“Yes?” Dohna looked slightly puzzled. “Come in.” She scooped up the toddler and led the monks into her apartment. “My husband is at work.” Inside there was a couch and TV with a child’s cartoon blaring.

“Please sit.” She turned off the TV and gestured to the couch. “Would you like some butter tea?”

The monks nodded. “Thank you.”

She returned with the yak butter tea in small round teacups painted with colorful designs.

After they had sipped their tea Rinpoche said, “We believe that Metok was born not long after His Holiness the 14th Dalai Lama passed?”

Dohna nodded. “That is correct. It was a time of great sadness.”

“We’ve been searching for his reincarnation, and many signs have lead us to your home. We believe Metok is the child we have been searching for.”

Dohna fell to her knees with a gasp, her hands covering her mouth. “Oh!” she cried. Tears formed in her eyes.

Metok tottered over, patting Dohna’s cheek with a comforting hand. Dohna swept her son into an embrace.

“We have brought some tests, to see whether Metok is His Holiness reincarnated. May we try them?”

Dohna nodded, her face split by a smile, tears making her cheeks shiny. “Of course.”

Following the centuries old tradition, Passang unrolled a piece of cloth on the floor to reveal two rosaries, a few small books, and two clay teacups. The adults turned to look at Metok, seeing what he would do.

He stared back, looking at all the expectant faces in confusion. Then he sat down next to the pile of things lying on the floor, deciding these new toys were more interesting than the people staring at him.

Grabbing a rosary in his small fist, he waved it around, seeming pleased by the clacking of the beads. He sorted through the books, then dropped them back to the floor in disinterest. Finally, he selected one of the tea cups and held it in the air. “Tea!” he declared.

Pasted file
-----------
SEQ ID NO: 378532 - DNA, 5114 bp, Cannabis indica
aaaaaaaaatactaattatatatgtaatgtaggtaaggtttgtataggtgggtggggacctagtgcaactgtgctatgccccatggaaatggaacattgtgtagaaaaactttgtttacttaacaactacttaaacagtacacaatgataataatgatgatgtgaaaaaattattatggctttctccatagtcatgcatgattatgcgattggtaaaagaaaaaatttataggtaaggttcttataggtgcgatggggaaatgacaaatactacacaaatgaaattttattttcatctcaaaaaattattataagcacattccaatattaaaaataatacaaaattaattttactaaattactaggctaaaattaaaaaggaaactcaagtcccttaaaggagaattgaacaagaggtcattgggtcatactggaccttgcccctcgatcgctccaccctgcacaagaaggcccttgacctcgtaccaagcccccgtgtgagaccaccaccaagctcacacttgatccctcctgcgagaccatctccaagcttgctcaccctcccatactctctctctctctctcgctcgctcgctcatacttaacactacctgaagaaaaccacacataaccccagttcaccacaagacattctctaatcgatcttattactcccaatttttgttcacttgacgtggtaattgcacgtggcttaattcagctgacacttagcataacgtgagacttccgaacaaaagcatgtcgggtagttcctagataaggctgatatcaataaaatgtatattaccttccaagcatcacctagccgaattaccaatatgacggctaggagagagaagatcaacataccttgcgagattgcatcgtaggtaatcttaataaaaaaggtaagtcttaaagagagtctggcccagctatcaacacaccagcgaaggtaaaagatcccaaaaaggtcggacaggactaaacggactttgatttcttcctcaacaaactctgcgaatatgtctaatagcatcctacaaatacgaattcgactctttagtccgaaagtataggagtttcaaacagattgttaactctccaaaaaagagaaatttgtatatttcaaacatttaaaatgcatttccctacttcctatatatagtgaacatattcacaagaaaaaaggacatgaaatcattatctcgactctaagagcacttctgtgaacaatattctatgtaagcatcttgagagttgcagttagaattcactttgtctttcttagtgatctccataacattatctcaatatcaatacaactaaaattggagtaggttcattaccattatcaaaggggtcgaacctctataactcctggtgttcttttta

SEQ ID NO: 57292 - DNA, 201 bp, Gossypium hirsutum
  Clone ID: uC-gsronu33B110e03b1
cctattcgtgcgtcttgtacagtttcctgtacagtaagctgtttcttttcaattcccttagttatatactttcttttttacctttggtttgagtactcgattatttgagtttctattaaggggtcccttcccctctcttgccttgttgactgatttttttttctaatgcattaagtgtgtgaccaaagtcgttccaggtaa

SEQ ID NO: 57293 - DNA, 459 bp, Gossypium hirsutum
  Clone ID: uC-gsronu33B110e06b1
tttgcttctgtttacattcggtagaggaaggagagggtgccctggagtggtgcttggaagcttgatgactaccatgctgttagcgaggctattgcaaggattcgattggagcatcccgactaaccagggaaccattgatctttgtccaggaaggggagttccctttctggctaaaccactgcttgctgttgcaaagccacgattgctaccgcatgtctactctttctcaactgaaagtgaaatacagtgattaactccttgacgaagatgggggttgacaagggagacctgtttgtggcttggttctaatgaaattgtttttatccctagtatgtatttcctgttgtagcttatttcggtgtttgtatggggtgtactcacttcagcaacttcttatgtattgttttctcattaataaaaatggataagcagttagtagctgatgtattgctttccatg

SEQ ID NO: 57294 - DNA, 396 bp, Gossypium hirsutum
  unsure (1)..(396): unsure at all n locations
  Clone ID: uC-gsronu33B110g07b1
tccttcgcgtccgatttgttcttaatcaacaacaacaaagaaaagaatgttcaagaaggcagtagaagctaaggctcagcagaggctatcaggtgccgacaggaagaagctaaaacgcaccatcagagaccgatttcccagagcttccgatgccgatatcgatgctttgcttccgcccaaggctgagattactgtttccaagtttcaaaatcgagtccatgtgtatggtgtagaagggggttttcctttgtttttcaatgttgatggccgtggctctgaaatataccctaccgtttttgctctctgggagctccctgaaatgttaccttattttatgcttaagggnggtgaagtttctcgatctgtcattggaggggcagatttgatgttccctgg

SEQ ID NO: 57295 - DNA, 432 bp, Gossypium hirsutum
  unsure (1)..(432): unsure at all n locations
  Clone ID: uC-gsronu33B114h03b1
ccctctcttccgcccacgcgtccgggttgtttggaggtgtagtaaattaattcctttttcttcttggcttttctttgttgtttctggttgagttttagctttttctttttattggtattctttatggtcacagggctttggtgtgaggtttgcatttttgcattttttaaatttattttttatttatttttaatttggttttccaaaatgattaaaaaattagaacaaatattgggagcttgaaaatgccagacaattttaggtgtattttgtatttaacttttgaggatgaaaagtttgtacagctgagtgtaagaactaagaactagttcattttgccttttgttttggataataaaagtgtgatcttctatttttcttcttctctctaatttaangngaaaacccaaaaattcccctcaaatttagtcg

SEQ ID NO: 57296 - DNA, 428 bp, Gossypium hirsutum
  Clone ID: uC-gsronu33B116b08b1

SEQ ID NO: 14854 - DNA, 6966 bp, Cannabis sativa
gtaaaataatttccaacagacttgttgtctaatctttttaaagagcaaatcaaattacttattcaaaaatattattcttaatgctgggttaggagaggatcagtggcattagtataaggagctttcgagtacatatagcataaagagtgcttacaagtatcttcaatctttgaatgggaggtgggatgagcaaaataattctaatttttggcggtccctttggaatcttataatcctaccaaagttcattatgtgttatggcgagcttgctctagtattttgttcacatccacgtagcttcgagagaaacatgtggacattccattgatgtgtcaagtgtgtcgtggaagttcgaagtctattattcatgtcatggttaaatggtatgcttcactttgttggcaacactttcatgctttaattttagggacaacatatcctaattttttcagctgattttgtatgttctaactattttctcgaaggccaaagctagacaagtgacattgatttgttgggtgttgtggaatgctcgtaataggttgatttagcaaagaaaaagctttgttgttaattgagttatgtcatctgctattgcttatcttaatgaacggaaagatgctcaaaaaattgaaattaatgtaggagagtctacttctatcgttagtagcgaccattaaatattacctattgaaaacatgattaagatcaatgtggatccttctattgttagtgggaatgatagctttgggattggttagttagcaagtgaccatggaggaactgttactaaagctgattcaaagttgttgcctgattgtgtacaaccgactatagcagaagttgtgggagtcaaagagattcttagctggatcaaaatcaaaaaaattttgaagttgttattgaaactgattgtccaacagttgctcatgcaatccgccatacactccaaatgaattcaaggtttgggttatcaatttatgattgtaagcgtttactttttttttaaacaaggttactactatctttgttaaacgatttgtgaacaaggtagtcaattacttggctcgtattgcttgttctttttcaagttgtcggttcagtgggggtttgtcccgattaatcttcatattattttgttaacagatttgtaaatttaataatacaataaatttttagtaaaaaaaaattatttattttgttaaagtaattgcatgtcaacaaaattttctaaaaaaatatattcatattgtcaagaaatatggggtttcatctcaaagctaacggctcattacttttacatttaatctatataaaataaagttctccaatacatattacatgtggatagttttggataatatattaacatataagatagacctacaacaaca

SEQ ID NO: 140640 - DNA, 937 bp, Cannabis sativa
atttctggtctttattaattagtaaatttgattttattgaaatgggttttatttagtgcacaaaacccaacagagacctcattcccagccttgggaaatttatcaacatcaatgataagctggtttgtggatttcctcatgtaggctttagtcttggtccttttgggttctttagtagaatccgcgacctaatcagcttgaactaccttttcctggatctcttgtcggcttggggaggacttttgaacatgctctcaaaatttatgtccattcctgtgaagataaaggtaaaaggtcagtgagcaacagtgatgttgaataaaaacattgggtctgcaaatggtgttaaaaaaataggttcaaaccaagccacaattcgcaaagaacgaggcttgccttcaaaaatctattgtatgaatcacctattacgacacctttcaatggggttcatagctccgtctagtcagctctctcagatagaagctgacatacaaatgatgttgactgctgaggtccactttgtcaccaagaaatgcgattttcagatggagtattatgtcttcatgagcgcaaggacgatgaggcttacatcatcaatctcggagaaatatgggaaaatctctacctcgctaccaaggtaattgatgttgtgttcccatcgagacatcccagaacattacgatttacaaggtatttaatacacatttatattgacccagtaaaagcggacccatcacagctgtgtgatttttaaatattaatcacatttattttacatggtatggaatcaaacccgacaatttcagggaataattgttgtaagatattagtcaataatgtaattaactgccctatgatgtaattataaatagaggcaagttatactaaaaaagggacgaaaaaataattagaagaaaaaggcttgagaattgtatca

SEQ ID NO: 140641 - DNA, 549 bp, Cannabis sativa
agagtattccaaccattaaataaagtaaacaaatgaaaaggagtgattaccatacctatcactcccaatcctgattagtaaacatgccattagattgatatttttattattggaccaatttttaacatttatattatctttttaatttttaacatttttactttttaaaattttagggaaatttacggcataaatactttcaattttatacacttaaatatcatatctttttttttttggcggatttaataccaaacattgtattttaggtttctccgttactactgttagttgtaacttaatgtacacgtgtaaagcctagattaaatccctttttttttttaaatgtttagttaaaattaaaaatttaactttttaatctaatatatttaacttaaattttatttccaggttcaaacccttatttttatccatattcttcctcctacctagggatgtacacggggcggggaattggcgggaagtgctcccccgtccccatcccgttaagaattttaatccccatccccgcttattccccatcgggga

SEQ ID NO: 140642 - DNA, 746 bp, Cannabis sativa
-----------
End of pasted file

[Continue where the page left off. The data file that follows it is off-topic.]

“Did he choose right?” Dohna asked softly, looking up at the monks.

Rinpoche bowed his head. The disappointment was crushing. “He did not. I am sorry. We seem to have made a mistake. Metok is not the child.”

Dohna’s tears started up again. “I see. I am sorry too. I hope you find His Holiness soon.”

From the next room came the sound of a fretful child, then with a few sniffs and a little whimper, another toddler wandered into the room. The little body was swallowed up by a bulky sweater and red overalls, but beneath dark hair were bright eyes and a mouth that split into a grin at the sight of the interesting objects on the floor.

“Who is that?” Rinpoche asked.

“Tsomo. Metok’s twin.”

Dohna stretched out her arms to her child, but Tsomo ignored her, and went straight for the collection of new toys, sitting down with a bump beside the pile.

The child curiously sifted through the objects, draping both rosaries around a plump little neck, then removing one and dumping it on the floor. The chosen rosary was held up for Dohna to admire. “Mine, Mama, Mine!”

Passang’s eyes widened. He and Rinpoche waited to see what Tsomo would do next.

Tsomo picked up a teacup, stroking its smooth edge. Then the toddler selected one of the books and clutched the chosen objects in small arms, looking pleased.

The monks were shocked into reverential silence. Rinpoche stared at Tsomo, his eyes glistening. “It is so wonderful to see you again, Your Holiness.”

Dohna gasped. “Tsomo chose right?”

Rinpoche nodded, wiping his eyes. His whole face shone with happiness. “Yes.”

Passang extended a hand and smiled when Tsomo’s small hand was placed in his. He touched his forehead to Tsomo’s hand.

“We did not realize you had two sons,” Rinpoche said.

Dohna shook her head, staring at Tsomo with awe and joy. “I do not. Tsomo is my daughter.”